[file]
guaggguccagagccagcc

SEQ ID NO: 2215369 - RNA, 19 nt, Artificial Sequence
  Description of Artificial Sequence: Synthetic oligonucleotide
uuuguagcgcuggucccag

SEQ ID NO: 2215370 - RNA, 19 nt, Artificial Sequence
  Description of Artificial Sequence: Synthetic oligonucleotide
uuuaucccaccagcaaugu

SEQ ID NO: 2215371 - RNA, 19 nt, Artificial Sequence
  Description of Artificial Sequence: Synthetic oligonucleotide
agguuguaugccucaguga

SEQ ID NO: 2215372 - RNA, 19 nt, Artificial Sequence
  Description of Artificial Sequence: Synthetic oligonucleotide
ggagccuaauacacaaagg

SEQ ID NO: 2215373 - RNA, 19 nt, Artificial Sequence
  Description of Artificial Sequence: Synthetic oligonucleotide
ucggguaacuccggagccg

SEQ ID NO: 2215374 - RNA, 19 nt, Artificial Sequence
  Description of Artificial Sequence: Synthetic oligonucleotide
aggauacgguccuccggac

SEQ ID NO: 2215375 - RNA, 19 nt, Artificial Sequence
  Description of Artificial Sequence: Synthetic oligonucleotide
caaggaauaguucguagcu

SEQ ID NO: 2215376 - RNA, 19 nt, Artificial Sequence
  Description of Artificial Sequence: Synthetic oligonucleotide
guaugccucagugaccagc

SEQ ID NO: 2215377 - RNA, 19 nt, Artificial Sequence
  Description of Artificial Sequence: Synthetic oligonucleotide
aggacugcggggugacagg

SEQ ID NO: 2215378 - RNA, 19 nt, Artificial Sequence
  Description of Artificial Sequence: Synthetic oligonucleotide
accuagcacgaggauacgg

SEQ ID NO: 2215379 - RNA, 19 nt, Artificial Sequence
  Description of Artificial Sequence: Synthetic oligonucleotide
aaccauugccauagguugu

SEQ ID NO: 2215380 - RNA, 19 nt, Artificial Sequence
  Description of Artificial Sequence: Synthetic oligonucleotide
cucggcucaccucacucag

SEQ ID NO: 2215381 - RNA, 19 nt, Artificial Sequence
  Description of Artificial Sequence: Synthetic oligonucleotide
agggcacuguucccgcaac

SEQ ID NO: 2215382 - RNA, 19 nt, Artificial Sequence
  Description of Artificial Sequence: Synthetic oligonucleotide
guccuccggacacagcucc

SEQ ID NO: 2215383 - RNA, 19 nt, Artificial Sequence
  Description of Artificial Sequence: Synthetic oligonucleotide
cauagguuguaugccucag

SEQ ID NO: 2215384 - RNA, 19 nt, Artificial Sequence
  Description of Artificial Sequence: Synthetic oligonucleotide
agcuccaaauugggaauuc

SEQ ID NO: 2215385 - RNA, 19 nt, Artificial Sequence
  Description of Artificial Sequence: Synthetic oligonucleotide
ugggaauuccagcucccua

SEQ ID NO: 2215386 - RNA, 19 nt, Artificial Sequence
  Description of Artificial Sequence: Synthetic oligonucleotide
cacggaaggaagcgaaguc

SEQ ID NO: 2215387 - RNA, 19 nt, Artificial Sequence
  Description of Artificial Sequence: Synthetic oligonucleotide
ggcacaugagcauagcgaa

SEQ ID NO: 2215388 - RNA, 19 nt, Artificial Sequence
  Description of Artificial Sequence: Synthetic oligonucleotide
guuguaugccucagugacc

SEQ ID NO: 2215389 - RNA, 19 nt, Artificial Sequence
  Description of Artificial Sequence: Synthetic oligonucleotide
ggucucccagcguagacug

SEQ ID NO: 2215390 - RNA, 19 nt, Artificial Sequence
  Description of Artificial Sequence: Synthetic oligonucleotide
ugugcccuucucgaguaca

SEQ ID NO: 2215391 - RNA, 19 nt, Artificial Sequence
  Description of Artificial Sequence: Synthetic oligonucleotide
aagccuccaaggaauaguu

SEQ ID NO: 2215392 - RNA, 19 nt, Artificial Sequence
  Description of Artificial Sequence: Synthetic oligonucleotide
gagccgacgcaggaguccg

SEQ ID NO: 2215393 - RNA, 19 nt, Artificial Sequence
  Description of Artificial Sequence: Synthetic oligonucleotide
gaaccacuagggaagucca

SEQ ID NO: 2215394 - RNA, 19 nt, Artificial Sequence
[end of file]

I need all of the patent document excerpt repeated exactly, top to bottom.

guaggguccagagccagcc

SEQ ID NO: 2215369 - RNA, 19 nt, Artificial Sequence
  Description of Artificial Sequence: Synthetic oligonucleotide
uuuguagcgcuggucccag

SEQ ID NO: 2215370 - RNA, 19 nt, Artificial Sequence
  Description of Artificial Sequence: Synthetic oligonucleotide
uuuaucccaccagcaaugu

SEQ ID NO: 2215371 - RNA, 19 nt, Artificial Sequence
  Description of Artificial Sequence: Synthetic oligonucleotide
agguuguaugccucaguga

SEQ ID NO: 2215372 - RNA, 19 nt, Artificial Sequence
  Description of Artificial Sequence: Synthetic oligonucleotide
ggagccuaauacacaaagg

SEQ ID NO: 2215373 - RNA, 19 nt, Artificial Sequence
  Description of Artificial Sequence: Synthetic oligonucleotide
ucggguaacuccggagccg

SEQ ID NO: 2215374 - RNA, 19 nt, Artificial Sequence
  Description of Artificial Sequence: Synthetic oligonucleotide
aggauacgguccuccggac

SEQ ID NO: 2215375 - RNA, 19 nt, Artificial Sequence
  Description of Artificial Sequence: Synthetic oligonucleotide
caaggaauaguucguagcu

SEQ ID NO: 2215376 - RNA, 19 nt, Artificial Sequence
  Description of Artificial Sequence: Synthetic oligonucleotide
guaugccucagugaccagc

SEQ ID NO: 2215377 - RNA, 19 nt, Artificial Sequence
  Description of Artificial Sequence: Synthetic oligonucleotide
aggacugcggggugacagg

SEQ ID NO: 2215378 - RNA, 19 nt, Artificial Sequence
  Description of Artificial Sequence: Synthetic oligonucleotide
accuagcacgaggauacgg

SEQ ID NO: 2215379 - RNA, 19 nt, Artificial Sequence
  Description of Artificial Sequence: Synthetic oligonucleotide
aaccauugccauagguugu

SEQ ID NO: 2215380 - RNA, 19 nt, Artificial Sequence
  Description of Artificial Sequence: Synthetic oligonucleotide
cucggcucaccucacucag

SEQ ID NO: 2215381 - RNA, 19 nt, Artificial Sequence
  Description of Artificial Sequence: Synthetic oligonucleotide
agggcacuguucccgcaac

SEQ ID NO: 2215382 - RNA, 19 nt, Artificial Sequence
  Description of Artificial Sequence: Synthetic oligonucleotide
guccuccggacacagcucc

SEQ ID NO: 2215383 - RNA, 19 nt, Artificial Sequence
  Description of Artificial Sequence: Synthetic oligonucleotide
cauagguuguaugccucag

SEQ ID NO: 2215384 - RNA, 19 nt, Artificial Sequence
  Description of Artificial Sequence: Synthetic oligonucleotide
agcuccaaauugggaauuc

SEQ ID NO: 2215385 - RNA, 19 nt, Artificial Sequence
  Description of Artificial Sequence: Synthetic oligonucleotide
ugggaauuccagcucccua

SEQ ID NO: 2215386 - RNA, 19 nt, Artificial Sequence
  Description of Artificial Sequence: Synthetic oligonucleotide
cacggaaggaagcgaaguc

SEQ ID NO: 2215387 - RNA, 19 nt, Artificial Sequence
  Description of Artificial Sequence: Synthetic oligonucleotide
ggcacaugagcauagcgaa

SEQ ID NO: 2215388 - RNA, 19 nt, Artificial Sequence
  Description of Artificial Sequence: Synthetic oligonucleotide
guuguaugccucagugacc

SEQ ID NO: 2215389 - RNA, 19 nt, Artificial Sequence
  Description of Artificial Sequence: Synthetic oligonucleotide
ggucucccagcguagacug

SEQ ID NO: 2215390 - RNA, 19 nt, Artificial Sequence
  Description of Artificial Sequence: Synthetic oligonucleotide
ugugcccuucucgaguaca

SEQ ID NO: 2215391 - RNA, 19 nt, Artificial Sequence
  Description of Artificial Sequence: Synthetic oligonucleotide
aagccuccaaggaauaguu

SEQ ID NO: 2215392 - RNA, 19 nt, Artificial Sequence
  Description of Artificial Sequence: Synthetic oligonucleotide
gagccgacgcaggaguccg

SEQ ID NO: 2215393 - RNA, 19 nt, Artificial Sequence
  Description of Artificial Sequence: Synthetic oligonucleotide
gaaccacuagggaagucca

SEQ ID NO: 2215394 - RNA, 19 nt, Artificial Sequence